Etiquette and what to expect when visiting a family sitting shiva.
The United States is getting more diverse. According to the 2020 US Census, people who identified as Hispanic, Asian, or mixed-race accounted for larger shares of the population. With more diversity, it’s likely we’ll all interact with someone of a different race, ethnicity, politics, or religion. That’s why it’s important to be respectful when interacting with groups different from your own. For example, what if you were invited to a household sitting shiva? Are there right and wrong things to say? How should you conduct yourself? What do you have to do as a guest? These are important questions to ask. So we’re going to look at some shiva protocols for non-Jewish people.
The Wysh Blog
- What is shiva?
- Shiva etiquette for non-Jewish people
What is shiva?
Shiva is an important part of the grieving process for Jewish families. It’s the seven-day mourning period that starts immediately after a Jewish funeral. During the seven days (or three days for Reform Jewish communities), mourners avoid doing certain tasks like working, leaving the house, preparing food, or wearing makeup. This is done so that the grieving family can mourn without having to worry about social obligations. Sitting shiva is a time to let the loss of a loved one be felt fully.
When sitting shiva, a family will invite members of the community to the home to offer condolences. Family, friends, co-workers, even strangers, can visit a home sitting shiva to express their condolences. The important part is the community coming together for the wellbeing of the mourners.
Shiva etiquette for non-Jewish people
When someone of the Jewish faith dies, those of different religious beliefs can still show their support to the grieving family. Being there for those in mourning is an important part of the healing process. If you’re not Jewish, but are still invited to visit a family sitting shiva, you can and should be a part of that healing process. Here are some things to keep in mind.
A shiva call, or a “paying a condolence call,” is made during the seven-day mourning period. During this, the mourning family sets times for family, friends, or even co-workers and members of the community to visit the home. Those who do a shiva call are there to acknowledge the loss and provide support during the difficult time.
When should I make a shiva call?
Families will often establish visiting times when visitors are invited to the home or during the funeral. They may also list times in the obituary for the deceased loved one. As a guest, it’s proper shiva etiquette to visit during the set hours to respect the family’s grieving process.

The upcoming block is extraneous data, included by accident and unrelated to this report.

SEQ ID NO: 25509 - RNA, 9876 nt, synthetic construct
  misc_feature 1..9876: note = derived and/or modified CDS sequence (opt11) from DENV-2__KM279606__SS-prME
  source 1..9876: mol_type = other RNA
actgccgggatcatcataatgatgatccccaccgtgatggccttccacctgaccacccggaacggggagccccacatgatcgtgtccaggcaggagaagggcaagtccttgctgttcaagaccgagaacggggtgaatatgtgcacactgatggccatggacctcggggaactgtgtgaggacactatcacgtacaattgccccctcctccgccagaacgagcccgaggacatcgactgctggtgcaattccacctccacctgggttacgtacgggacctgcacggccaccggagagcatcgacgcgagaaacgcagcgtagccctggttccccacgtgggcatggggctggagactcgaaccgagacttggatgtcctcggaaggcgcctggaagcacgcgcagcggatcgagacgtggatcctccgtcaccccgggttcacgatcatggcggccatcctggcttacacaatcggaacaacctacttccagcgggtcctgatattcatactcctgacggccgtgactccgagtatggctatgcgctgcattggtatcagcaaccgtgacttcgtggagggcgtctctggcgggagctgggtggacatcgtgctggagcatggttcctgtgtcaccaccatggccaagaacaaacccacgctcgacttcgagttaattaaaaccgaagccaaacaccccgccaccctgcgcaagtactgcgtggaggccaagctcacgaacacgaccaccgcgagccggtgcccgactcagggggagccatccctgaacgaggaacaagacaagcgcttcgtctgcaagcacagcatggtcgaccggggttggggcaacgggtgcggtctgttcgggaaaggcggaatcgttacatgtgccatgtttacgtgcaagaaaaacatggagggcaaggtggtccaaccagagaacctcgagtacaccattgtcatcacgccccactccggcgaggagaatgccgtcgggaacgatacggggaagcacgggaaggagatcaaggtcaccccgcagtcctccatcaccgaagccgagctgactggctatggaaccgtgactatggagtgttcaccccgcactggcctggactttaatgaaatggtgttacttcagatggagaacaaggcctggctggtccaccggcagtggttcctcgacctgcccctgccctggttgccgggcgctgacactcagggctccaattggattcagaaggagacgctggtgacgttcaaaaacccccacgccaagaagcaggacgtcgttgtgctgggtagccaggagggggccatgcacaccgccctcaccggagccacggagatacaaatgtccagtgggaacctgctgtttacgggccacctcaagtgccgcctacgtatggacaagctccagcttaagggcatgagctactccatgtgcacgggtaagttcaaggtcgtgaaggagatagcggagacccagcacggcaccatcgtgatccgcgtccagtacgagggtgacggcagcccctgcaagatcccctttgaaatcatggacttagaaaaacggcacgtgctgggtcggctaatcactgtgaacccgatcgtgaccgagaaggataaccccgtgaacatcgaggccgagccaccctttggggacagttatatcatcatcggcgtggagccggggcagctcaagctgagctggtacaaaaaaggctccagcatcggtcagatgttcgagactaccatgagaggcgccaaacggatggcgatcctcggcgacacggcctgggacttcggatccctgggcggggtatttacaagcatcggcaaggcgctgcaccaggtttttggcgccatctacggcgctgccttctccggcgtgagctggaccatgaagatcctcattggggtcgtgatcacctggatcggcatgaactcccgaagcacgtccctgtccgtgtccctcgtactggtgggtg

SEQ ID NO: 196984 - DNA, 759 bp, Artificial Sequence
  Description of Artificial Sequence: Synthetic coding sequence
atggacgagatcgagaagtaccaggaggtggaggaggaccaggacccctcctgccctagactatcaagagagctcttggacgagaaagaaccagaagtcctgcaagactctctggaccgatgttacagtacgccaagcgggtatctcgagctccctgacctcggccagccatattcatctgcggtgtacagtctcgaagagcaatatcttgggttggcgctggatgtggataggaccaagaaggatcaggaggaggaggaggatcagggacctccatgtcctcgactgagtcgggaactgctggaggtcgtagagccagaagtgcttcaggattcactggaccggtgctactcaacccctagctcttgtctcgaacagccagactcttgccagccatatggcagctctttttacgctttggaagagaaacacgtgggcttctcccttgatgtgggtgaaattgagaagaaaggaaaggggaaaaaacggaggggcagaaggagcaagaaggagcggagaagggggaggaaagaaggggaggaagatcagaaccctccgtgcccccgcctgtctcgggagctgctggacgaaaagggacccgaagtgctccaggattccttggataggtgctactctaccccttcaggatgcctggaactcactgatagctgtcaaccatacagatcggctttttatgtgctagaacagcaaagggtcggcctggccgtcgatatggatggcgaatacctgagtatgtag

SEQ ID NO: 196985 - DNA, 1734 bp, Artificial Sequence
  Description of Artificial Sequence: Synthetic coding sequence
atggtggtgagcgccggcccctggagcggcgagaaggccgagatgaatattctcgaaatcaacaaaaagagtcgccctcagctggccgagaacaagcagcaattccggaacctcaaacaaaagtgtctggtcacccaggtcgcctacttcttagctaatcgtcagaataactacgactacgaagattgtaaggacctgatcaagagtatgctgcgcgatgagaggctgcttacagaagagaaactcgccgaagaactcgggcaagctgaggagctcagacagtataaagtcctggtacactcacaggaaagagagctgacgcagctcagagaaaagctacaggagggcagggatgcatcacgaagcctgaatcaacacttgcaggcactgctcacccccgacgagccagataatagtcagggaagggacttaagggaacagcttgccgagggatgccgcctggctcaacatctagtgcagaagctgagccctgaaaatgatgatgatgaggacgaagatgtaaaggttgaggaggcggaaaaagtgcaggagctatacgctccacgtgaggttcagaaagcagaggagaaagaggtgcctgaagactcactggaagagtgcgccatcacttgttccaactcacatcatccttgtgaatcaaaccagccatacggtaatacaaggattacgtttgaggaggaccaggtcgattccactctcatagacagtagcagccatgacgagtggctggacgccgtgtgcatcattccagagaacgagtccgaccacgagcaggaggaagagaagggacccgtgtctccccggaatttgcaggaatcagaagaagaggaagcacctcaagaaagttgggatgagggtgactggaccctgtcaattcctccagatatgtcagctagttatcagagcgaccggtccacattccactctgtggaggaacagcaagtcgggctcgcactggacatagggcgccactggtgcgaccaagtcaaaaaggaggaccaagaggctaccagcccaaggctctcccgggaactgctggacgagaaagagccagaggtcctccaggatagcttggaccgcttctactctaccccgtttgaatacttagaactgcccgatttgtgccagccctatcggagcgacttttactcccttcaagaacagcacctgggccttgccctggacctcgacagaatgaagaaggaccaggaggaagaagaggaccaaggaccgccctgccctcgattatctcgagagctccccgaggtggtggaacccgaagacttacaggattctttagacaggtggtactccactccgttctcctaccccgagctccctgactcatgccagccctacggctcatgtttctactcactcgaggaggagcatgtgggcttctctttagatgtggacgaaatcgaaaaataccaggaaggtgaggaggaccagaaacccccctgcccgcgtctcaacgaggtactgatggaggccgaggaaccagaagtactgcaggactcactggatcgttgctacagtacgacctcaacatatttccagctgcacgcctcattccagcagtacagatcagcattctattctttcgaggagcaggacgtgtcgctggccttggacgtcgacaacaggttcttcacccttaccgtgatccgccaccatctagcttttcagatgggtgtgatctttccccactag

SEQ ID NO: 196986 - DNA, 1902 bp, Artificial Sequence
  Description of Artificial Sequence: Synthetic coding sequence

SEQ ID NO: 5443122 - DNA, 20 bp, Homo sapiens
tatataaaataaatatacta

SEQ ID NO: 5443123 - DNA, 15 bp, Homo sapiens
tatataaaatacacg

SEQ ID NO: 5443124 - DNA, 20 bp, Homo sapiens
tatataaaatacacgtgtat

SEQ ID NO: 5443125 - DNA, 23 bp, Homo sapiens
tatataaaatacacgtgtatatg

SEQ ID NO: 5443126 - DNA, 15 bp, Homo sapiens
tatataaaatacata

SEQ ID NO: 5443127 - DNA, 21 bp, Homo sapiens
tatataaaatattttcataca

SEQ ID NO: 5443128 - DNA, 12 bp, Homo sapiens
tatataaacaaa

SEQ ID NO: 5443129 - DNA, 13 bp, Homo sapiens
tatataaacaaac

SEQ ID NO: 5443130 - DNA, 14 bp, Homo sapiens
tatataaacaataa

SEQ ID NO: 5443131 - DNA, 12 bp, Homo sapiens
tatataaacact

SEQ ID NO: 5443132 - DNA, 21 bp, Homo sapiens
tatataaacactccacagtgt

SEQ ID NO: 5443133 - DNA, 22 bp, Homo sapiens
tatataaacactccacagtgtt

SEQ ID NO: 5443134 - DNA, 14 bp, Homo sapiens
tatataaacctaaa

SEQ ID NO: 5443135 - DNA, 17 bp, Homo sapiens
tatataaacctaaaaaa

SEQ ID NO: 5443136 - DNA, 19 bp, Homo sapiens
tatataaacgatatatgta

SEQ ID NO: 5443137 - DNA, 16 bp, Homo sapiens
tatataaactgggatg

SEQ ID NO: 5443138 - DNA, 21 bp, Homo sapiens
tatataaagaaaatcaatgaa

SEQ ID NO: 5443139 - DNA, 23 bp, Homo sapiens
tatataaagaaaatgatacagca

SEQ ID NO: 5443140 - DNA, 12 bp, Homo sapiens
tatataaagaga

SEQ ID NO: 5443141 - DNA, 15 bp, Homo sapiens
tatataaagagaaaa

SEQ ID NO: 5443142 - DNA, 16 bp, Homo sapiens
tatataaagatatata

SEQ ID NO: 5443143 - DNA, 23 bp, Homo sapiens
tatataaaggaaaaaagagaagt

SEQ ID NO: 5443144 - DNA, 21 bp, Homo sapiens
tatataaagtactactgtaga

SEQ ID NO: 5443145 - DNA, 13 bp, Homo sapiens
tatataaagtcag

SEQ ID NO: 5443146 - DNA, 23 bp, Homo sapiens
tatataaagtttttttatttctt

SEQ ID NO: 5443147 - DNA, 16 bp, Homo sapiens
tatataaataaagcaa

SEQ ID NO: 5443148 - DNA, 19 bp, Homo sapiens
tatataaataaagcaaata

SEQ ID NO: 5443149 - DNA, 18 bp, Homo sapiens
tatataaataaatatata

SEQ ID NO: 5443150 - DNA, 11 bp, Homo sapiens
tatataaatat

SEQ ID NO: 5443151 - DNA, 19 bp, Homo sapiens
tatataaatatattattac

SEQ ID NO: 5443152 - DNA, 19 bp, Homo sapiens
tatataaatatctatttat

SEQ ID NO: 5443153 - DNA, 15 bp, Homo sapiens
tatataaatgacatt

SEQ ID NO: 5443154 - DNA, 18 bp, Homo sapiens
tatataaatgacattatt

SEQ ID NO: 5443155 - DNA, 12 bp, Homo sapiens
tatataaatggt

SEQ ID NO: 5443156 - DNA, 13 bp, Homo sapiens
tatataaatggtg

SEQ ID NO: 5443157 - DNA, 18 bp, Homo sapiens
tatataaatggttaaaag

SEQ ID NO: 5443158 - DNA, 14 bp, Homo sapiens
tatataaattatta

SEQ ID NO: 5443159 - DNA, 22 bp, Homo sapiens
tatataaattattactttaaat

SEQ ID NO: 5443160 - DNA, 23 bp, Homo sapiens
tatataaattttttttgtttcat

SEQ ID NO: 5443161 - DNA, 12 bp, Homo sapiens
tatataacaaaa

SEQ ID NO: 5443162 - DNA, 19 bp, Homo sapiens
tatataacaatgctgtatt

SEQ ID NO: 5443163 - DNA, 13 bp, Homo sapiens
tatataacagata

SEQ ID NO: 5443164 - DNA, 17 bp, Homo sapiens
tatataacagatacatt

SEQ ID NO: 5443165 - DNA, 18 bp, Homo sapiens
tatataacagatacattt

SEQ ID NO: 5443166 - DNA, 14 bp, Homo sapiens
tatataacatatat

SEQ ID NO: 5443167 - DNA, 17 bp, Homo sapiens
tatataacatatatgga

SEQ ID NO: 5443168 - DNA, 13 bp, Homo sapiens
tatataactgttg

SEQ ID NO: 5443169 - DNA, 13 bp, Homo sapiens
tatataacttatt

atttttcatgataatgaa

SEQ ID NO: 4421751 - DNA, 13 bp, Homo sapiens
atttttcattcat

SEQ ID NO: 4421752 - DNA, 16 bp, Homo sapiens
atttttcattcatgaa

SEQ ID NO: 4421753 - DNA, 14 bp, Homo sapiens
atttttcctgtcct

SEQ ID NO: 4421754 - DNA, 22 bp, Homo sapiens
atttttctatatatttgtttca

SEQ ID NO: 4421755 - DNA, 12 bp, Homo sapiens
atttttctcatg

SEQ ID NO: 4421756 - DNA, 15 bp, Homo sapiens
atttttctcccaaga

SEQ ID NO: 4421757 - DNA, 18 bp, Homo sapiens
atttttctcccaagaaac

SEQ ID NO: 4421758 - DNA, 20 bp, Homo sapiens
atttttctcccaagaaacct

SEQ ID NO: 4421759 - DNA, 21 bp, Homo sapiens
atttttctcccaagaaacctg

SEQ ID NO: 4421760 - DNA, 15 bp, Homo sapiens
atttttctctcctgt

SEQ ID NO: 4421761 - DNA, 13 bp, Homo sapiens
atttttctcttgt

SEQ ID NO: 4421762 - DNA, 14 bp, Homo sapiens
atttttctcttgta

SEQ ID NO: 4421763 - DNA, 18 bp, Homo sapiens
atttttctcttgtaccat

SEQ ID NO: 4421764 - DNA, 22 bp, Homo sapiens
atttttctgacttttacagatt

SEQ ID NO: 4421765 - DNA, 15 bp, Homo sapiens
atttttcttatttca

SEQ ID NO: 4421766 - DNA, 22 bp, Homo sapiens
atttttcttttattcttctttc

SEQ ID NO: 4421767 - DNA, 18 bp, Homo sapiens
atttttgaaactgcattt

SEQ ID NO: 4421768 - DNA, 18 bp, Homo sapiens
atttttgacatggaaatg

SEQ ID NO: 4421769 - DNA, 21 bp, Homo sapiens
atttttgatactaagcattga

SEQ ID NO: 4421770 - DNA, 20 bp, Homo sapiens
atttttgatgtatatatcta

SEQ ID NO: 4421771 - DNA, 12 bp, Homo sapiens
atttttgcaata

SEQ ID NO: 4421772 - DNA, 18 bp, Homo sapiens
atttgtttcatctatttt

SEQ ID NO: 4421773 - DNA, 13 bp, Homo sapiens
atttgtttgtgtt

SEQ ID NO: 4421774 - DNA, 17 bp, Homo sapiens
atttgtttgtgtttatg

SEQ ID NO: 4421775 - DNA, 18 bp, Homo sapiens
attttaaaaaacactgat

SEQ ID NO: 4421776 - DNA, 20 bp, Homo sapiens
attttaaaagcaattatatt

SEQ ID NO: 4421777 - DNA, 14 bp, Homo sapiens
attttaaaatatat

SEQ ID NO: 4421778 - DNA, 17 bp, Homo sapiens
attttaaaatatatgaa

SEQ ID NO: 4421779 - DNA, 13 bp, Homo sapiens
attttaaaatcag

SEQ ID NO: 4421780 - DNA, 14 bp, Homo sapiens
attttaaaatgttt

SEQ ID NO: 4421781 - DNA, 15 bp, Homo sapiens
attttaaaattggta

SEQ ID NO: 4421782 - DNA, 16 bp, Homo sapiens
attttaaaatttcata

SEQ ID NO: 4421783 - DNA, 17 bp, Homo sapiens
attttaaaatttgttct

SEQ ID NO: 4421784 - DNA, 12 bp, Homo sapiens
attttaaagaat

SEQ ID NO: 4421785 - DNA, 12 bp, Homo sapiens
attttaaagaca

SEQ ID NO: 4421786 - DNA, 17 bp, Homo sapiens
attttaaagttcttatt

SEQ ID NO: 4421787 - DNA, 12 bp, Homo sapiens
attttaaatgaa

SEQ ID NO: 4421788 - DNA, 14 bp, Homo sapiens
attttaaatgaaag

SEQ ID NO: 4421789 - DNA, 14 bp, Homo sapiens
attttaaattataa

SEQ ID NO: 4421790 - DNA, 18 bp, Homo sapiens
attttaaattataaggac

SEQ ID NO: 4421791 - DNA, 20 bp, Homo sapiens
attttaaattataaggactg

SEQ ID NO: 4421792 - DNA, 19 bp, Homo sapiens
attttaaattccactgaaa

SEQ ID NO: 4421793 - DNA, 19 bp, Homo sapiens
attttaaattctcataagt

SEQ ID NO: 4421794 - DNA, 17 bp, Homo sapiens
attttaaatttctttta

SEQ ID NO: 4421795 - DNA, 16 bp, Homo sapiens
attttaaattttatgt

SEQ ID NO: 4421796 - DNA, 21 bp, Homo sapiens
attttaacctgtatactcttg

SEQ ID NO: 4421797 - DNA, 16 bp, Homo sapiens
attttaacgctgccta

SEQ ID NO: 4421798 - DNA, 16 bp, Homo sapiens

Can non-Jewish people sit shiva?
There aren’t rules prohibiting non-Jewish people from sitting shiva. If you have a Jewish relative who has passed, it may be appropriate to sit shiva to honor their memory. Or, if you’re in a relationship with a Jewish partner and a member of their family has died, it may be helpful to sit shiva with them through the difficult period.
What should I bring?
For a lot of cultures, offering flowers at a funeral is a way to show sympathy. However, for Jewish people, flowers are not to be used at funerals, shivas, or any other funeral events. There are a number of reasons for this. One, funerals are somber affairs and flowers are to represent joyous occasions. So the addition of flowers would be seen as inappropriate during a period of grief. There are also several other reasons to avoid flowers, but the tradition has been around for a while.
Instead of bringing flowers, it’s better to bring food to the family. During shiva, mourning families are supposed to grieve fully and not work, food preparation included. So leave the flowers at home and bring food dishes so the family can eat during the shiva period. Food that doesn’t have to be prepared is best; things like cookies, nuts, soups, and salads are all great ideas.
What should I wear?
Clothing-wise, there’s no set attire for visiting a family observing shiva. However, as it is a somber environment, you should wear appropriate clothing. It’s been suggested that men wear long pants and women dress conservatively. Remember, you are there to support the family. You don’t want your outfit to distract or offend anyone in the space.
What to do as a guest
As a shiva guest, your job is to validate the emotions of the mourners. You want to be genuine in providing support for the family. As with most funerals, your support shouldn’t be like ticking off a box. Nor should you try to make someone feel better or distract them from their pain. Shiva is about letting the pain of loss be felt in its entirety. It is believed that those who are properly mourned have an easier time getting into Heaven. As a guest, your job is to support those in mourning. Death can be a hard thing for families to navigate. But shiva offers space for the community to come together.